Sunday, March 03, 2013

ColoradoBiz: 'Colorado innovators weigh impact of contested tax: Tough hike for medical device makers"

 Colorado BioScience Association President/CEO April Giles was quoted extensively speaking on behalf of Colorado's Medical Device Industry in Debra Melani's March 1 article. Quoting, in part, to recap Giles' quotes:

"In 2010, faced with paying for President Obama’s $1 trillion Affordable Care Act, lawmakers approved the tax, expected to raise as much as $29 billion in the next 10 years from the $100-billion-plus medical-device industry. The tax made it through the end-of-year fiscal-cliff congressional session intact, but as ColoradoBiz went to press in mid-February, bipartisan bills calling for repeal of the medical-device tax had been introduced in both the U.S. House and the Senate. At stake, according to those in the field, are thousands of jobs and America’s leading edge in the medical-device marketplace. 

'I am absolutely worried,' said April Giles, president and CEO of the Colorado BioScience Association, which has more than 350 members. 'I’m worried for our small businesses, because it really limits their ability to get their product out into the market in a way that they can be successful and reinvest those dollars back into innovation.' The excise tax is levied on total revenue of all medical-device companies, regardless of size or profits.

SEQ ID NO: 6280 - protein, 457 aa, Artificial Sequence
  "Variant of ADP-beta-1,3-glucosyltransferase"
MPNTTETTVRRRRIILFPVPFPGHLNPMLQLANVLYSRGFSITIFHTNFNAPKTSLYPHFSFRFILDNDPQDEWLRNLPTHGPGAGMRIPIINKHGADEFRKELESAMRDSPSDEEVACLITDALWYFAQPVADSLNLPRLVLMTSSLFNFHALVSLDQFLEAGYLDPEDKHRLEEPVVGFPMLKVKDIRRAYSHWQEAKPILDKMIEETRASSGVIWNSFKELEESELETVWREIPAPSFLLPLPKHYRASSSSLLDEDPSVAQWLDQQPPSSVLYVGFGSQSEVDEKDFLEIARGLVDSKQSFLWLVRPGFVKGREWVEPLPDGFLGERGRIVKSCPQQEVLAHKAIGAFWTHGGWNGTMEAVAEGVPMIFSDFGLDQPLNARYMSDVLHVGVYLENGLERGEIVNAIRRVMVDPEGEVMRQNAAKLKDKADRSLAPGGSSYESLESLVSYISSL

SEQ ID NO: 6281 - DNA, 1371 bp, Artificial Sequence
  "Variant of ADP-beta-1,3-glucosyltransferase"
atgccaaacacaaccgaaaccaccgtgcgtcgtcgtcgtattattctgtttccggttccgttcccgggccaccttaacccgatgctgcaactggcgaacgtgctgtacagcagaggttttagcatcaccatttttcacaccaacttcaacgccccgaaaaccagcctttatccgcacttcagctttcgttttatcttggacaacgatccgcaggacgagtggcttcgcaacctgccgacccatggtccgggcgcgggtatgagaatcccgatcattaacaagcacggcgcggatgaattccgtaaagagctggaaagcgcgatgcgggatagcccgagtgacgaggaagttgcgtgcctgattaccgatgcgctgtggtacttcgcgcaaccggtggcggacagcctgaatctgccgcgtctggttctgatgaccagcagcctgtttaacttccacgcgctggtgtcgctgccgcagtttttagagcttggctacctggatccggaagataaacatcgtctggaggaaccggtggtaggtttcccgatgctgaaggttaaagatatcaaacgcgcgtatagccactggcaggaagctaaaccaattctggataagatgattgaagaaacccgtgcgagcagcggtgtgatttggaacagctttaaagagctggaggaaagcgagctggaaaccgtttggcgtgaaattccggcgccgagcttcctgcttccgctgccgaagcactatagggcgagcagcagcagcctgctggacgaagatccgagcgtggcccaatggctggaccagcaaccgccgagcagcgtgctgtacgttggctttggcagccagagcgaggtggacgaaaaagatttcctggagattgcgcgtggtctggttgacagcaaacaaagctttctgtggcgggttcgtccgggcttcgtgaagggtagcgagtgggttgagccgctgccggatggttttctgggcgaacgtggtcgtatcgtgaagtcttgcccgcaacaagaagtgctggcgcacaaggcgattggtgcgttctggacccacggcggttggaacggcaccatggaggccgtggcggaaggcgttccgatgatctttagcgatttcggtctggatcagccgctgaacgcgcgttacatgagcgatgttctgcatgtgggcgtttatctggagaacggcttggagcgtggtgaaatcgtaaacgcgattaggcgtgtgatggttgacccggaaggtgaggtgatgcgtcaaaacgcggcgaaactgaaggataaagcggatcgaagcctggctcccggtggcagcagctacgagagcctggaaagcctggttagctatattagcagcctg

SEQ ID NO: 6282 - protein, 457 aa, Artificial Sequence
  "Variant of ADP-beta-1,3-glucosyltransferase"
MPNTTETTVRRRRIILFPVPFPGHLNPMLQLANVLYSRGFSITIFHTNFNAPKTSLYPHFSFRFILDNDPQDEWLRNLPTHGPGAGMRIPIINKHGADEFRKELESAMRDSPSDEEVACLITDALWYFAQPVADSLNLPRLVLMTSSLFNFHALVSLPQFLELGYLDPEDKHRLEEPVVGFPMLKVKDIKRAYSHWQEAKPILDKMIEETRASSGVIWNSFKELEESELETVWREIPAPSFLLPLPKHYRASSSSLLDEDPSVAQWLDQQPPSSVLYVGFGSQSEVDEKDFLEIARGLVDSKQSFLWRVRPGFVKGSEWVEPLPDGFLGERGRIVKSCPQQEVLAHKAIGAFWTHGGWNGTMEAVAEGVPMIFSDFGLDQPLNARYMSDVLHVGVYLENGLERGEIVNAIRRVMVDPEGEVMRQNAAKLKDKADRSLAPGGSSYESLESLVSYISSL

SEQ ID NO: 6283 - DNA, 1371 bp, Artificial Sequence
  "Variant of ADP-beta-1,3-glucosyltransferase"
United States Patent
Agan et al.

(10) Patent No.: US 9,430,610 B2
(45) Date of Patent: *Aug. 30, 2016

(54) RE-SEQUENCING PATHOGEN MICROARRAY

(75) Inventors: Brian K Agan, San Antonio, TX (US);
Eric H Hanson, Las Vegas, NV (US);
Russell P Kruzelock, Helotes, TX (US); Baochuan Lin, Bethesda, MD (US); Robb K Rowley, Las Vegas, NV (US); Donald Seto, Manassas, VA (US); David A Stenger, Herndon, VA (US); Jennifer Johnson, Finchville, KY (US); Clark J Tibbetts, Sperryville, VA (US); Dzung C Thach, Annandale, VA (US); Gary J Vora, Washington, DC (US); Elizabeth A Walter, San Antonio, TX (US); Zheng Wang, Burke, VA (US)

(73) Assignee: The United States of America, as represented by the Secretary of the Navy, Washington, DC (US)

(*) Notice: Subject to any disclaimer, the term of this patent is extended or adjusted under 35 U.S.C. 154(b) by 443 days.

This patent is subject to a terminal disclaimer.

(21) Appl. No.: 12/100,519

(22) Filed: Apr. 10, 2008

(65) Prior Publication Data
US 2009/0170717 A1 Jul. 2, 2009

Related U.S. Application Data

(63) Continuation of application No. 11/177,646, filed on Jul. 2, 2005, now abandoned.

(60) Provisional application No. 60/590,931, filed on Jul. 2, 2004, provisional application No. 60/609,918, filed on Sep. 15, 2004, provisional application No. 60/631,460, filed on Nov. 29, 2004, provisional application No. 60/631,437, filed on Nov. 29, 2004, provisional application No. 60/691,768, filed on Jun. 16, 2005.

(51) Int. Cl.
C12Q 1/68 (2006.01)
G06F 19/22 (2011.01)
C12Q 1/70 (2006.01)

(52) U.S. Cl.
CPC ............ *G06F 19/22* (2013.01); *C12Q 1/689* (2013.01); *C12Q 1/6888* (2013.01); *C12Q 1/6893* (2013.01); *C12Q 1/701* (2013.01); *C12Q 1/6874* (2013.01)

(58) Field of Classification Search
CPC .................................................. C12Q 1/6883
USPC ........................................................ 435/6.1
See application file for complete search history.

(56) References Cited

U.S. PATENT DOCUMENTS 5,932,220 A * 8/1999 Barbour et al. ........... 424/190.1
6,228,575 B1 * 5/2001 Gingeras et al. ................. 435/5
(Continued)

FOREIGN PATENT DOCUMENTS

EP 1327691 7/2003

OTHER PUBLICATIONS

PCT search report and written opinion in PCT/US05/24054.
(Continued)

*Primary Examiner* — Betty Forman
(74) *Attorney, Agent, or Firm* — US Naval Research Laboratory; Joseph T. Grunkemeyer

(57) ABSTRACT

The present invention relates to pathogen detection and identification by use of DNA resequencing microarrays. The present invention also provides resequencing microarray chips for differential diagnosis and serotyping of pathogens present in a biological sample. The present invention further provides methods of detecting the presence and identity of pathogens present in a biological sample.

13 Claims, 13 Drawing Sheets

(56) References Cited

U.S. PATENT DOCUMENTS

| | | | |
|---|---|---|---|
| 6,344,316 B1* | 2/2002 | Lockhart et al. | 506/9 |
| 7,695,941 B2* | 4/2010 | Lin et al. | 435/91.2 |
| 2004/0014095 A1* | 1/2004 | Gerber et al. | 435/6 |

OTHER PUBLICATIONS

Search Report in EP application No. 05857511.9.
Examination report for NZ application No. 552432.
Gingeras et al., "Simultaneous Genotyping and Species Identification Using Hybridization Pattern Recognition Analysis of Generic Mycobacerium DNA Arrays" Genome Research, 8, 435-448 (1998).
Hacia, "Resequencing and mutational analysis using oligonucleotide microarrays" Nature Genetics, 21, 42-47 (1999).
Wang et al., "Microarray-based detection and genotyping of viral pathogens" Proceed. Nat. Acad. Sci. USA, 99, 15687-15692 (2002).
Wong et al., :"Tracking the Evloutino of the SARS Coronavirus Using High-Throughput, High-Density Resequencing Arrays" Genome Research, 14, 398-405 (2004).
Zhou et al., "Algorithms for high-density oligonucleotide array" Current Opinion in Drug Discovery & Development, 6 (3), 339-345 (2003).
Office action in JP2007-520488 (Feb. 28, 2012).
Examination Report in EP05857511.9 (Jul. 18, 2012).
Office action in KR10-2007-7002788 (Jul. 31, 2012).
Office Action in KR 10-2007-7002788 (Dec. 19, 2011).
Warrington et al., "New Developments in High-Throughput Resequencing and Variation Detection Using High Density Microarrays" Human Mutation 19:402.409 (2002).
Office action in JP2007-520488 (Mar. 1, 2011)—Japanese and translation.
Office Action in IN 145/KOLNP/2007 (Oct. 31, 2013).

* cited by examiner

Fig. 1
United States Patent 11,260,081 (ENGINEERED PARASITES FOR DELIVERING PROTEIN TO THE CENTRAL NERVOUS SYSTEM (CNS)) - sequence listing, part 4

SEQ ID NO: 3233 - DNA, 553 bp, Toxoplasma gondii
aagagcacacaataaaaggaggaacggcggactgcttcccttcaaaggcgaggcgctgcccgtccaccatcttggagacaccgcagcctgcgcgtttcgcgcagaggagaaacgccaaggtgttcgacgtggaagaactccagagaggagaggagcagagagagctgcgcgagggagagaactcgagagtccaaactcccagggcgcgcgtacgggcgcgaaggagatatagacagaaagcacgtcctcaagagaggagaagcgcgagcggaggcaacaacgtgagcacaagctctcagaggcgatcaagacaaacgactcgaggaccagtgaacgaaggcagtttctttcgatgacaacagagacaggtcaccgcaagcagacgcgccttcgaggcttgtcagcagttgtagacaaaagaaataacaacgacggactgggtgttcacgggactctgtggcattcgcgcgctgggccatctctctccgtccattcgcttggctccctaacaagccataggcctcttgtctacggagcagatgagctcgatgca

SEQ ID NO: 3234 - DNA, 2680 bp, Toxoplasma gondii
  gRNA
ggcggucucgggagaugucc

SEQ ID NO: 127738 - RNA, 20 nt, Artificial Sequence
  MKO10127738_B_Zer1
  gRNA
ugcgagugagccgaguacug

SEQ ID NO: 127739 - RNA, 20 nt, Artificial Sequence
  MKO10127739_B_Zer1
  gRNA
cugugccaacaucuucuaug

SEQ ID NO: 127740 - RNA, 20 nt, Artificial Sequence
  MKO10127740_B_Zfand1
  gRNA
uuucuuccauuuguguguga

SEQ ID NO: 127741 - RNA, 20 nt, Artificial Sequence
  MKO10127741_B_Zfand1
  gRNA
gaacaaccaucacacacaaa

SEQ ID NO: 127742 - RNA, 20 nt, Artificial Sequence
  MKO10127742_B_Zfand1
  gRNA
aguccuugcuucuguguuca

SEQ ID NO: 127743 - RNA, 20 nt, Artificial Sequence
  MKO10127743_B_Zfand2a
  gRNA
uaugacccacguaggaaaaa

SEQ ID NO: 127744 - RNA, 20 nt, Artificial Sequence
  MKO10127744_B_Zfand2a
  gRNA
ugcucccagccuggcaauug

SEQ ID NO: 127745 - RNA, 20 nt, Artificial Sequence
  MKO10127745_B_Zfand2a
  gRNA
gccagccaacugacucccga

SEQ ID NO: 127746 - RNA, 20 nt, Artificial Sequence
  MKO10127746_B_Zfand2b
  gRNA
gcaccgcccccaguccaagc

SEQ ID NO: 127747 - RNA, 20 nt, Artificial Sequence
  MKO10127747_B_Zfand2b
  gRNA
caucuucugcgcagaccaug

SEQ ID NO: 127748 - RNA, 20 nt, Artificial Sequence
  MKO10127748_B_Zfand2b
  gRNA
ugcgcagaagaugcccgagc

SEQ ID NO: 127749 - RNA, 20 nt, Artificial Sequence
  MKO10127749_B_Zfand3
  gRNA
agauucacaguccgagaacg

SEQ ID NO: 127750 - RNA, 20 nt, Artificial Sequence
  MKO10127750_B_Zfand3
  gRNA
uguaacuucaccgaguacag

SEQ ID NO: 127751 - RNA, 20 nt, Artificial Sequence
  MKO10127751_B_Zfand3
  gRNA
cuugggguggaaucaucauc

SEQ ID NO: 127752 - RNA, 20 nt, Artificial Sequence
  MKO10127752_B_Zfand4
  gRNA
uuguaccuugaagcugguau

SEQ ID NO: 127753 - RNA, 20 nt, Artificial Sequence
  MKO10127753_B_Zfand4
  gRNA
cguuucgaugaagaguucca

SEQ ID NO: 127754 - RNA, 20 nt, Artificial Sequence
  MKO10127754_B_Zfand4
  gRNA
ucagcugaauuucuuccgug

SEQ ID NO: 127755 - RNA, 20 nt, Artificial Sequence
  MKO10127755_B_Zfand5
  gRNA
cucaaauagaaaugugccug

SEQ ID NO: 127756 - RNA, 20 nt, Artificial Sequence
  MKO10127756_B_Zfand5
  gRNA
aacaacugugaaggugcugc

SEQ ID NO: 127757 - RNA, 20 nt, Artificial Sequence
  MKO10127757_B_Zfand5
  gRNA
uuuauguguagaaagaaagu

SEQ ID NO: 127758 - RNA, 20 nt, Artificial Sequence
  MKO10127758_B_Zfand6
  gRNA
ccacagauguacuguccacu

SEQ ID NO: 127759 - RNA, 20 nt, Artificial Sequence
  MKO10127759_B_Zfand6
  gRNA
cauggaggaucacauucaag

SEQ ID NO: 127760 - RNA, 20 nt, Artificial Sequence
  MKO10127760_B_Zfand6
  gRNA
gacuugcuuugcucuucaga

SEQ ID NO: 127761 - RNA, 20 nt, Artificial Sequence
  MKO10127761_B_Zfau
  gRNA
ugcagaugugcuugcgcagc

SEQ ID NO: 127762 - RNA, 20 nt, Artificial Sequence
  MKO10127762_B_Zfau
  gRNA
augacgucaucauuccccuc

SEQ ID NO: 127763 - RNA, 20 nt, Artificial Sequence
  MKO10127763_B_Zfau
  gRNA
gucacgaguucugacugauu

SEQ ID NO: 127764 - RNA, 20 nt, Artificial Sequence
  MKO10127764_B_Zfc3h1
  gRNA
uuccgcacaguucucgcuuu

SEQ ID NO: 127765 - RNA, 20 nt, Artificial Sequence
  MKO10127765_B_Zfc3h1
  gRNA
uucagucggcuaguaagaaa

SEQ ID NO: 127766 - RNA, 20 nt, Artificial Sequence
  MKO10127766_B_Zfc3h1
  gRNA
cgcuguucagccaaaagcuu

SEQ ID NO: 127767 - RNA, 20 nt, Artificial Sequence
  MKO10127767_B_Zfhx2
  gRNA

Medical-device companies, responsible for everything from MRIs to hip replacements, are significant players in the national and state economy, working to improve patient care. Colorado employs 27,000 people in the bioscience industry, creating 122,000 direct and indirect jobs. That translates into about $10 billion in payroll, at an average annual salary of $82,000, Giles said. The medical-device sector makes up about half of the state’s bioscience industry and has grown by about 14 percent in the past three years, she said...

...Although Giles suspects a less profound impact on the state’s larger companies, they will still feel the blow, she said. 'Our small companies are really driving a lot of innovation right now, and big companies are looking for them to do that for acquisition or partnering. It really does hurt our competitive edge.'... 

...While most in the industry understand they need to contribute to change, Giles said, the question is: At what cost? Colorado companies are already reporting job cuts, investment woes and even troubles with vendors, which are critical to manufacturing-job success, Giles said. 'Vendors are concerned about the ripple effect.” Sure, if a product is significant, a company will get it to market, she said. “But there might be fewer jobs behind it, and it will take longer to get there. Patient access to new technology will be slowed.'... 

...Giles emphasized that her industry knows it should help pay for reform. 'We are from the perspective that everyone is willing to put something on the table to get us there. But we need the Congress to stop playing wars and come to a consensus on what’s going to help this country get back on its feet.'" 
Link to the full article

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